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Meniere's Disease (Endolymphic Hydrops)


Disease: Meniere's Disease (Endolymphic Hydrops) Meniere's Disease (Endolymphic Hydrops)
Category: Ear, nose, larynx diseases

Disease Definition:

A disorder of the inner ear that causes abnormal sensory perceptions including hearing loss usually in one ear, a sensation of a spinning motion (vertigo), ringing in the same ear (tinnitus) and fullness or pressure in the same ear, is called Meniere's disease.


Meniere's disease is more likely to develop in people in their 40s and 50s than people in other age groups.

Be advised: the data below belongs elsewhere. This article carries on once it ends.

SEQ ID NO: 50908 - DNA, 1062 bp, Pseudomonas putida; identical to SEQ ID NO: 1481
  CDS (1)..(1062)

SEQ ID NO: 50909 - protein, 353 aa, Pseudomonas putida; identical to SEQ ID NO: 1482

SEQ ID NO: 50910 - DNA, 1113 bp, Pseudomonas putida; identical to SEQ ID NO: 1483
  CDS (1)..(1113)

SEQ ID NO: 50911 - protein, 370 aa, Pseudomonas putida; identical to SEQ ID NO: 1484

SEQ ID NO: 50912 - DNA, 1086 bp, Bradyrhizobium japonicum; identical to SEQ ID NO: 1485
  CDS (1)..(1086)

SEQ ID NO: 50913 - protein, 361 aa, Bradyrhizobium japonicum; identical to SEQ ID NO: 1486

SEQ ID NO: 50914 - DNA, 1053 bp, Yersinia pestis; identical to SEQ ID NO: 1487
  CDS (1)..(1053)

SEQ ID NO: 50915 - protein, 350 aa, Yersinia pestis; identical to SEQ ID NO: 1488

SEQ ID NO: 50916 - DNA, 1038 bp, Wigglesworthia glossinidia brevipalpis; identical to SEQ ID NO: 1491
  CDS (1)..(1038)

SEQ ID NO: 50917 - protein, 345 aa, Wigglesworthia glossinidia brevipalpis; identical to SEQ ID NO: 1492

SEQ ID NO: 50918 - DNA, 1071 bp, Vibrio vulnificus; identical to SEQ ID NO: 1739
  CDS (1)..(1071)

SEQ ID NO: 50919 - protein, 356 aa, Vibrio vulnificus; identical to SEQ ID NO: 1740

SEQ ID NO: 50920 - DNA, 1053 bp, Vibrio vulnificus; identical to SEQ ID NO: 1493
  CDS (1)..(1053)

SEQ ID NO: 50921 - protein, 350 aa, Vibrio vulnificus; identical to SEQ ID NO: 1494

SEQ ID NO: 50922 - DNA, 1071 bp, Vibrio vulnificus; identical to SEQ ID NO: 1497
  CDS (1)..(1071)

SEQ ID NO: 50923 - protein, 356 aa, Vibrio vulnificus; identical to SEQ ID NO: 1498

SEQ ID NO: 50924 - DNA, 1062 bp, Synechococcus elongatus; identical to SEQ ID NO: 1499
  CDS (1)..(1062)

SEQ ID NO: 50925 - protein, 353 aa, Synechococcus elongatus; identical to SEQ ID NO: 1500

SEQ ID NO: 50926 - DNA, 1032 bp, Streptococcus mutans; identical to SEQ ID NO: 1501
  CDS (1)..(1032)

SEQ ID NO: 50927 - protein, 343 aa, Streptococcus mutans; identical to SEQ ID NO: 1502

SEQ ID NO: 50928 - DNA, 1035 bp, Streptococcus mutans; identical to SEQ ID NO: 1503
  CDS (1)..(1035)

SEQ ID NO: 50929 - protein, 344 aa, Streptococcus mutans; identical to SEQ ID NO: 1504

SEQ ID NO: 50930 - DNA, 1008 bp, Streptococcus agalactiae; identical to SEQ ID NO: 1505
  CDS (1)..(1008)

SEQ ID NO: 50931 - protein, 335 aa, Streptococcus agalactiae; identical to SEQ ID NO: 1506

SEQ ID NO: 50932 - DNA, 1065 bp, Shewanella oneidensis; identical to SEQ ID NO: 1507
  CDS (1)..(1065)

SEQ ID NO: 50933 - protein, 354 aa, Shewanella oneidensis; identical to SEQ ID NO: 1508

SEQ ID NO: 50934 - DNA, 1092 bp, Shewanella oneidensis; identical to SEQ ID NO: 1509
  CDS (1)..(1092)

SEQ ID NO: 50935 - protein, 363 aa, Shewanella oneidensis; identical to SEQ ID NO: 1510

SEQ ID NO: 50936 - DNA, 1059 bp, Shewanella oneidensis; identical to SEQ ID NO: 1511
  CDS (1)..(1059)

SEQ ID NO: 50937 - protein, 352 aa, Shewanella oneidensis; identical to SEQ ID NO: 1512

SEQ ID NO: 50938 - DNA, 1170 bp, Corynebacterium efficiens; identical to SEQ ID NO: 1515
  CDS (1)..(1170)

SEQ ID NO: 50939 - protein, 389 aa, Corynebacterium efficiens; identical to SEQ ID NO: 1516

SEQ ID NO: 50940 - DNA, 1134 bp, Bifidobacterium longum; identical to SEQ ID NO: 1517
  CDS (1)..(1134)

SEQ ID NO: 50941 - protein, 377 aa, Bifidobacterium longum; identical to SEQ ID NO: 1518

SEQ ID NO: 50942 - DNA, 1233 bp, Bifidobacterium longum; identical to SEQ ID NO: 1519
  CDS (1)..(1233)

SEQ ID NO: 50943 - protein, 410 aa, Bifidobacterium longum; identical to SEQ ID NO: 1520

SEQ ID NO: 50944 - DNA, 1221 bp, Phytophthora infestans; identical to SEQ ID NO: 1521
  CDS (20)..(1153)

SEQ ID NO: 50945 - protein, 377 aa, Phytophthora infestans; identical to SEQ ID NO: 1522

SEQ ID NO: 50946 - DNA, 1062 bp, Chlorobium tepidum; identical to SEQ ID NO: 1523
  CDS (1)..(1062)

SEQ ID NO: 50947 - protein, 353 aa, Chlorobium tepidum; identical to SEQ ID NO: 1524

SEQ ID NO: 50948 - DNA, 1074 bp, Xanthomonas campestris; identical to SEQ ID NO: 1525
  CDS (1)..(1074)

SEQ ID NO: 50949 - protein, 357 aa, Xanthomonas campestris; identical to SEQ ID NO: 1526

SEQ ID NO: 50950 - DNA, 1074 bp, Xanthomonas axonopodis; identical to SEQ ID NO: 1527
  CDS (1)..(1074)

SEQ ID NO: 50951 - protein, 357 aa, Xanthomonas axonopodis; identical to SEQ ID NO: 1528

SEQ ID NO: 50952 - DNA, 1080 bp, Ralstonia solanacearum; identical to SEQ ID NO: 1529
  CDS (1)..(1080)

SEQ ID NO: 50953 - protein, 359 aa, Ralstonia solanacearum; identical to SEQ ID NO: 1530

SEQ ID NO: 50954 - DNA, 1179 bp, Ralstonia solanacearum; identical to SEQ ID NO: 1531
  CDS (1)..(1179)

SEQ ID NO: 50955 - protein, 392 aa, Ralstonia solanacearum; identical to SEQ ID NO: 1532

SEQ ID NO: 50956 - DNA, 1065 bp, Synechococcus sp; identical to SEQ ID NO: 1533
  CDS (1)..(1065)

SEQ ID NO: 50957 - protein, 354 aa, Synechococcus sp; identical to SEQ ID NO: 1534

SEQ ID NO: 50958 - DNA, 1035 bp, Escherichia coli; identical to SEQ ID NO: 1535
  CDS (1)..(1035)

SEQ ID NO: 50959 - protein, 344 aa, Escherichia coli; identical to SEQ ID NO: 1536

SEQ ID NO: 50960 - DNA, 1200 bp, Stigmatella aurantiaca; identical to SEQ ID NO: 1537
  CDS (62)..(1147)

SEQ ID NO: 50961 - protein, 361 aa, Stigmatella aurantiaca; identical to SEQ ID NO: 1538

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Symptoms, Causes


The primary signs and symptoms of Meniere's disease are:

Hearing loss: 

Early in the course of the Meniere's disease in particular, hearing loss may fluctuate. Some degree of permanent hearing loss is eventually experienced by most people with this disease.

Aural fullness:

The feeling of fullness or pressure in the ear is what is meant by aural fullness.

Recurring episodes of vertigo:

Vertigo is similar to the sensation one experiences if he/she spins around quickly several times and suddenly stops. The person feels as if the room is still spinning, and he/she loses balance. Nausea and vomiting may result from severe vertigo. The episodes of vertigo usually last from 20 minutes to two hours or more, and they occur without warning.


The perception of whistling, buzzing, roaring, ringing or hissing sound in one's ear is called tinnitus.